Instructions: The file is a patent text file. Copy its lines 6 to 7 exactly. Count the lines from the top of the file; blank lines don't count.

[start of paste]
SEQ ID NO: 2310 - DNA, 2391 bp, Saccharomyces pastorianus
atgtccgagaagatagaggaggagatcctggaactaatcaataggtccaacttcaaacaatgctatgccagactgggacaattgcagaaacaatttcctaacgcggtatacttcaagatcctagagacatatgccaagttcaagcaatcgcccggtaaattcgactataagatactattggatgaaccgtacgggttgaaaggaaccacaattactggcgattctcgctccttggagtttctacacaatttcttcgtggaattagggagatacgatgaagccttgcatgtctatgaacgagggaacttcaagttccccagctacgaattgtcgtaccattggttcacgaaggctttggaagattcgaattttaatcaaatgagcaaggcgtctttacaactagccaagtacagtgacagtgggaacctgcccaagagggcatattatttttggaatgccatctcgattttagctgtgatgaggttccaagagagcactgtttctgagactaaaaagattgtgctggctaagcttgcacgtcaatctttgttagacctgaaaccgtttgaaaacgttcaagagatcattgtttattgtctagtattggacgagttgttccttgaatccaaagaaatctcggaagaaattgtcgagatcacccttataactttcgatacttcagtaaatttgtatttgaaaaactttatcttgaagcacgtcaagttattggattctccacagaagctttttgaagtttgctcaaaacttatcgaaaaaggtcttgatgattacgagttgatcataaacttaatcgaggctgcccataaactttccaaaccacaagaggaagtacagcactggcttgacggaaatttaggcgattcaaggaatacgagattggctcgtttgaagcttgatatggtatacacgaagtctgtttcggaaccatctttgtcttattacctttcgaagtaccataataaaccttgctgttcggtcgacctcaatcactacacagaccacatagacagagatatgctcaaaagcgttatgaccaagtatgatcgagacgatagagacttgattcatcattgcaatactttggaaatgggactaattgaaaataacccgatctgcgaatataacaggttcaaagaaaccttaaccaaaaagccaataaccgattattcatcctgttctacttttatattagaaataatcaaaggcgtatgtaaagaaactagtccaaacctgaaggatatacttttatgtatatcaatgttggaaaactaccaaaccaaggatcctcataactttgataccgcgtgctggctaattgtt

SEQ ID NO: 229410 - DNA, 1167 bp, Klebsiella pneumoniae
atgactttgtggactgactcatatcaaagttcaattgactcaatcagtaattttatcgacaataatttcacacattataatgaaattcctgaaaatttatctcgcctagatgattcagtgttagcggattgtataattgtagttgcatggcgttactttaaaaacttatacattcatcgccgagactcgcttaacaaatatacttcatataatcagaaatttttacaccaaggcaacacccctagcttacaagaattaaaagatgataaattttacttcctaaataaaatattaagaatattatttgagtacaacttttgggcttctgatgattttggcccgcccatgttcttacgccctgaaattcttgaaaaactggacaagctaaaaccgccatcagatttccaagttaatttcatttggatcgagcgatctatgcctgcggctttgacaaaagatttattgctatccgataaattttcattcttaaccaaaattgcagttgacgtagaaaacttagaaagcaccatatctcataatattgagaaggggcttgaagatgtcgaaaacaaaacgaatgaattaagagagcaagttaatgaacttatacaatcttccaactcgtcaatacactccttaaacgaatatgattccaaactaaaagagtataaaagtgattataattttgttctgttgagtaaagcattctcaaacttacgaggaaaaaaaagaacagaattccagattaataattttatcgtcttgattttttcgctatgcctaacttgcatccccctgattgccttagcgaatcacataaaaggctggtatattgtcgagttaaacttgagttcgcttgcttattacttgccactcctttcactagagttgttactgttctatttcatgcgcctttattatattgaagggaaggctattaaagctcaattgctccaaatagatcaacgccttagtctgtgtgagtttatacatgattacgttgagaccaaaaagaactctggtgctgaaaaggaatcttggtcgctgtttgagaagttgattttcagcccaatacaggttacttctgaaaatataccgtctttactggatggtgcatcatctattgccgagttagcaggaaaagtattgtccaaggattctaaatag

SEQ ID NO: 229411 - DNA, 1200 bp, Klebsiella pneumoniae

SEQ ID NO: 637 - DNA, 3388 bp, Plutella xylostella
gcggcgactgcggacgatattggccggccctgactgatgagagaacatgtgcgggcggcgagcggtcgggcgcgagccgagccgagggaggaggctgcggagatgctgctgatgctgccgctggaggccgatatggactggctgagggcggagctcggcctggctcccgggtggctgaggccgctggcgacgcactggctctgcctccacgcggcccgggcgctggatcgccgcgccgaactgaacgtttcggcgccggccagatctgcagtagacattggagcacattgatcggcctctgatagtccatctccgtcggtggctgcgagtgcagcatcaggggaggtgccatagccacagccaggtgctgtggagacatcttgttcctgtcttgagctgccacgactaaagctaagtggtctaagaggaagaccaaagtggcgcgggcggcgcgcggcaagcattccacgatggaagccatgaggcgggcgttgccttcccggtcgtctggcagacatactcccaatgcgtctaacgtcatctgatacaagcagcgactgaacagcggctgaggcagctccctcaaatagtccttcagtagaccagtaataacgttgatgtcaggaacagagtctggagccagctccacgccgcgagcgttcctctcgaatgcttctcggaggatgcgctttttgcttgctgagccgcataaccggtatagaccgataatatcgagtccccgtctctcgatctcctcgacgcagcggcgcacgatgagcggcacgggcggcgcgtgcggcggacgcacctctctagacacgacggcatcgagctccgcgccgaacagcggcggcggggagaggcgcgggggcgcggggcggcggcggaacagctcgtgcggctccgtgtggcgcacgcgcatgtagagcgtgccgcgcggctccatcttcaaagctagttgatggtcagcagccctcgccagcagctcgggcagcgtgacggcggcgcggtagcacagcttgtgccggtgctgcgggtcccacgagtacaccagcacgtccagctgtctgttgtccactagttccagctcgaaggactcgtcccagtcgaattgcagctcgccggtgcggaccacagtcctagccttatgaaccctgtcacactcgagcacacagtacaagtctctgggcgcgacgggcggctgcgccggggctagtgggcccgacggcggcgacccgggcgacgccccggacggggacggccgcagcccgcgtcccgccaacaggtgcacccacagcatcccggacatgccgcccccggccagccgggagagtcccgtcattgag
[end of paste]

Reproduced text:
SEQ ID NO: 637 - DNA, 3388 bp, Plutella xylostella
gcggcgactgcggacgatattggccggccctgactgatgagagaacatgtgcgggcggcgagcggtcgggcgcgagccgagccgagggaggaggctgcggagatgctgctgatgctgccgctggaggccgatatggactggctgagggcggagctcggcctggctcccgggtggctgaggccgctggcgacgcactggctctgcctccacgcggcccgggcgctggatcgccgcgccgaactgaacgtttcggcgccggccagatctgcagtagacattggagcacattgatcggcctctgatagtccatctccgtcggtggctgcgagtgcagcatcaggggaggtgccatagccacagccaggtgctgtggagacatcttgttcctgtcttgagctgccacgactaaagctaagtggtctaagaggaagaccaaagtggcgcgggcggcgcgcggcaagcattccacgatggaagccatgaggcgggcgttgccttcccggtcgtctggcagacatactcccaatgcgtctaacgtcatctgatacaagcagcgactgaacagcggctgaggcagctccctcaaatagtccttcagtagaccagtaataacgttgatgtcaggaacagagtctggagccagctccacgccgcgagcgttcctctcgaatgcttctcggaggatgcgctttttgcttgctgagccgcataaccggtatagaccgataatatcgagtccccgtctctcgatctcctcgacgcagcggcgcacgatgagcggcacgggcggcgcgtgcggcggacgcacctctctagacacgacggcatcgagctccgcgccgaacagcggcggcggggagaggcgcgggggcgcggggcggcggcggaacagctcgtgcggctccgtgtggcgcacgcgcatgtagagcgtgccgcgcggctccatcttcaaagctagttgatggtcagcagccctcgccagcagctcgggcagcgtgacggcggcgcggtagcacagcttgtgccggtgctgcgggtcccacgagtacaccagcacgtccagctgtctgttgtccactagttccagctcgaaggactcgtcccagtcgaattgcagctcgccggtgcggaccacagtcctagccttatgaaccctgtcacactcgagcacacagtacaagtctctgggcgcgacgggcggctgcgccggggctagtgggcccgacggcggcgacccgggcgacgccccggacggggacggccgcagcccgcgtcccgccaacaggtgcacccacagcatcccggacatgccgcccccggccagccgggagagtcccgtcattgag